Giving the gift of books
Over the last five years, one in ten print books bought in the UK have been intended as Christmas gifts, according to Nielsen BookData’s Books & Consumers survey. Of course, several genres will exceed that stat – some books might as well be released with Christmas bow already attached, as associated with the season as they are. Children’s annuals skew the most in that direction, with 60% bought as Christmas gifts, and nearly three-quarters bought as any kind of gift. Most children’s categories over-index compared to the total print market, with the total children’s sector coming to 16%, rising to 20% of pre-school books. Only YA fiction and educational books fall below the overall Christmas market share within the children’s sector.
YA fiction even sits below the adult fiction figure, by 0.3%, although it does fit better here, as the fiction genres range from 3% to 5% bought as Christmas gifts, with graphic novels and sagas the only categories to hit 5%. Classic fiction and crime & thriller sit at the bottom of the list for fiction, but across the whole print market, there are a few genres with lower impact from Christmas, including the aforementioned children’s educational books.
However, even kids’ textbooks don’t have the very lowest share coming from Christmas gifting. That impressive feat has been achieved by business/economics books, with only 2% of purchases over the last five years intended as Christmas gifts, and just 6% bought as any kind of gift. The genre is joined on the low end of the gifting spectrum by other practical areas of non-fiction: fitness & diet, self-help and computing & IT all rank below fiction genres when it comes to share bought as Christmas gifts. That’s balanced by nine genres that exceed the print market numbers, ranging from 11% of film/TV/music up to a quarter of humour and nearly a third of general reference (which includes the annual editions of ‘Guinness World Records’).
Those non-fiction Christmas gifts are most often bought for spouses/partners, followed by parents buying for children and then children buying for parents. Fiction is more evenly split across partners and parents, at 26% and 23% respectively, and buying for friends takes a higher cut here than in non-fiction, although still behind buying for one’s own children. And of course, switching to the children’s sector is where parental buying takes the lead, at nearly half of children’s books bought for Christmas. That means altogether, more than a third of books bought as Christmas gifts over the last five years have been parents buying for their children, trailed by grandparents (22% of children’s books, and 14% overall) and spouses/partners (12% of bookish Christmas gifts).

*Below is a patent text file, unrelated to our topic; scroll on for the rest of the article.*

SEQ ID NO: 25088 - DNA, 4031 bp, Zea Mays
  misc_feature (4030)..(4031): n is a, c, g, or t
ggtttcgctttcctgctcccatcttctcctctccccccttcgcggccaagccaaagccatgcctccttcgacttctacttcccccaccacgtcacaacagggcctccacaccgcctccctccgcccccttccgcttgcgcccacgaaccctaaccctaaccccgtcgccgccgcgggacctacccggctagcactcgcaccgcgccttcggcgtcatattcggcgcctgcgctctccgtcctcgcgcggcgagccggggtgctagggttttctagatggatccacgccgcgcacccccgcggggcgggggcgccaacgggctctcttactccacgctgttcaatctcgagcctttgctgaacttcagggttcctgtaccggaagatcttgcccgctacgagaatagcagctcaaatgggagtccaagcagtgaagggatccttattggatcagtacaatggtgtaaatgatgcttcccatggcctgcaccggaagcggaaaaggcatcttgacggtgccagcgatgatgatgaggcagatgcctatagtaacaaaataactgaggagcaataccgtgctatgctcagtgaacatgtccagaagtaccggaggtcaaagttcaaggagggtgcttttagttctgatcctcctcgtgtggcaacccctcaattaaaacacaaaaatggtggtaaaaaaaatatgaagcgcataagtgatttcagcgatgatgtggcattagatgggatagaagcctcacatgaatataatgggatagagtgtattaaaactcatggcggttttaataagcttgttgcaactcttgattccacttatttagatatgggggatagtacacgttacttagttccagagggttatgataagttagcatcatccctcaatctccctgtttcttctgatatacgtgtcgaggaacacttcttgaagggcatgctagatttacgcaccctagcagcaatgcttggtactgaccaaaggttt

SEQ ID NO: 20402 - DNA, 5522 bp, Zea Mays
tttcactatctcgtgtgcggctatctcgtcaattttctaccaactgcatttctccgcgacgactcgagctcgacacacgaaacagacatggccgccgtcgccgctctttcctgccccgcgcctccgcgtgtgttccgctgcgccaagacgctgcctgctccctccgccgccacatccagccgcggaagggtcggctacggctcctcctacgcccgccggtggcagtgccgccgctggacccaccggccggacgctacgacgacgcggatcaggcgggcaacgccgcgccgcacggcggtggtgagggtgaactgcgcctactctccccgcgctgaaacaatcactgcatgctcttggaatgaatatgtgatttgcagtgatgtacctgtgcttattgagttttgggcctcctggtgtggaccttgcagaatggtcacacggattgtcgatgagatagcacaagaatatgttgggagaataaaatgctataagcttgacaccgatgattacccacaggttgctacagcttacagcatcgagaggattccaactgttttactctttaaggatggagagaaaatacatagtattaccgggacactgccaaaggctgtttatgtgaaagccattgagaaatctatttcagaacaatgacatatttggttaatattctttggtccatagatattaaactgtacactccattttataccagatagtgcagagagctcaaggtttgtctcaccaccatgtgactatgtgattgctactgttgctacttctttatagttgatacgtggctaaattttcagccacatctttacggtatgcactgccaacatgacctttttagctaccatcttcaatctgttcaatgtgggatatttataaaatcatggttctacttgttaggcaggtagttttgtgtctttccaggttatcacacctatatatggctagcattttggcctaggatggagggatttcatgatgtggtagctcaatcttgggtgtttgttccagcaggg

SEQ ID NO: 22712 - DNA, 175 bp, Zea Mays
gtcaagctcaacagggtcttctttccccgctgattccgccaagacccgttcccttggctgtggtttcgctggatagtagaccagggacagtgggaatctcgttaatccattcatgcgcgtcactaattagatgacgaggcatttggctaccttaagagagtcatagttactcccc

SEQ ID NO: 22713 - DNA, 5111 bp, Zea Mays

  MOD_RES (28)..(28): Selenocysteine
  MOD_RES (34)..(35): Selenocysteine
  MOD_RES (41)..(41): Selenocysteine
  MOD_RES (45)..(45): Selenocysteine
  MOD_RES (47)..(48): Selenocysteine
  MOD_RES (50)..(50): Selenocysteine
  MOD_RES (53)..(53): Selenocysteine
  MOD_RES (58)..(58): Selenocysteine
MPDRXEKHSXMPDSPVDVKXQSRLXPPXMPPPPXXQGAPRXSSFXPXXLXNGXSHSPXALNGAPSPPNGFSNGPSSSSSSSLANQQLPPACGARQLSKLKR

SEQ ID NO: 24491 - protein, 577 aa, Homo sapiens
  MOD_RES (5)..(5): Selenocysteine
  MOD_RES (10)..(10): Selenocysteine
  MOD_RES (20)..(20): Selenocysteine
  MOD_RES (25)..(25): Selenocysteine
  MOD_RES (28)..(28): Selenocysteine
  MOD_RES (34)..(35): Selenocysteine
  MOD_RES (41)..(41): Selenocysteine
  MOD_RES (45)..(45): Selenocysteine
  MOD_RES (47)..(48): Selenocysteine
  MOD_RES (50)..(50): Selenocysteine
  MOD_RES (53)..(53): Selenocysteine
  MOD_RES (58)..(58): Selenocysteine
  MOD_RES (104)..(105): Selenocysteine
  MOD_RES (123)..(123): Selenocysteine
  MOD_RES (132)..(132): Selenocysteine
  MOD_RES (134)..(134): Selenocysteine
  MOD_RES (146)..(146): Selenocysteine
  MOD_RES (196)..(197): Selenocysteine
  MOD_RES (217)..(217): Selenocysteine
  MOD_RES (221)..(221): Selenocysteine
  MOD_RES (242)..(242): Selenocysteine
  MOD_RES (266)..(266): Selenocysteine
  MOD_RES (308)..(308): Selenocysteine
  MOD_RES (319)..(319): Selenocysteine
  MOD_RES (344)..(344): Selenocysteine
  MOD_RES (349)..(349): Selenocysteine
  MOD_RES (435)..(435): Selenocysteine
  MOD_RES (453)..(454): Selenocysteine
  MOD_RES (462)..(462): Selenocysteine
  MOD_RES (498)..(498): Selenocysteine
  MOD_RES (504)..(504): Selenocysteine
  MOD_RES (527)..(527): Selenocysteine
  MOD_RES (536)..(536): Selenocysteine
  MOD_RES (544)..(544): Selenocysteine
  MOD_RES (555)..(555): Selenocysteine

While I’m sure there are plenty of parents out there buying books for their grown-up children, Christmas purchases on the whole definitely skew younger, with a quarter of books bought as Christmas gifts going to 0-4s, and more than half to kids aged 12 and under. Teens and early 20s tend to be the least likely to be bought for, and then about a third of Christmas gifts are split across age bands 25 and up. That will vary by genre naturally, and among the prominent gifting areas, some stats stand out: just over one in five cookbook Christmas gifts have been bought for 25-34s, and 55-64s have received the highest share of auto/biography gifts. Nearly 40% of annuals have been bought for kids aged 5-8, while humour tends to be one of the more universal gifting options, with fairly even shares across the age bands ranging from 25 to 64.
That’s the beauty of books for Christmas, there’s something for everyone!
Based on data from Nielsen BookData’s monthly Books & Consumers survey. For more information, please contact firstname.lastname@example.org.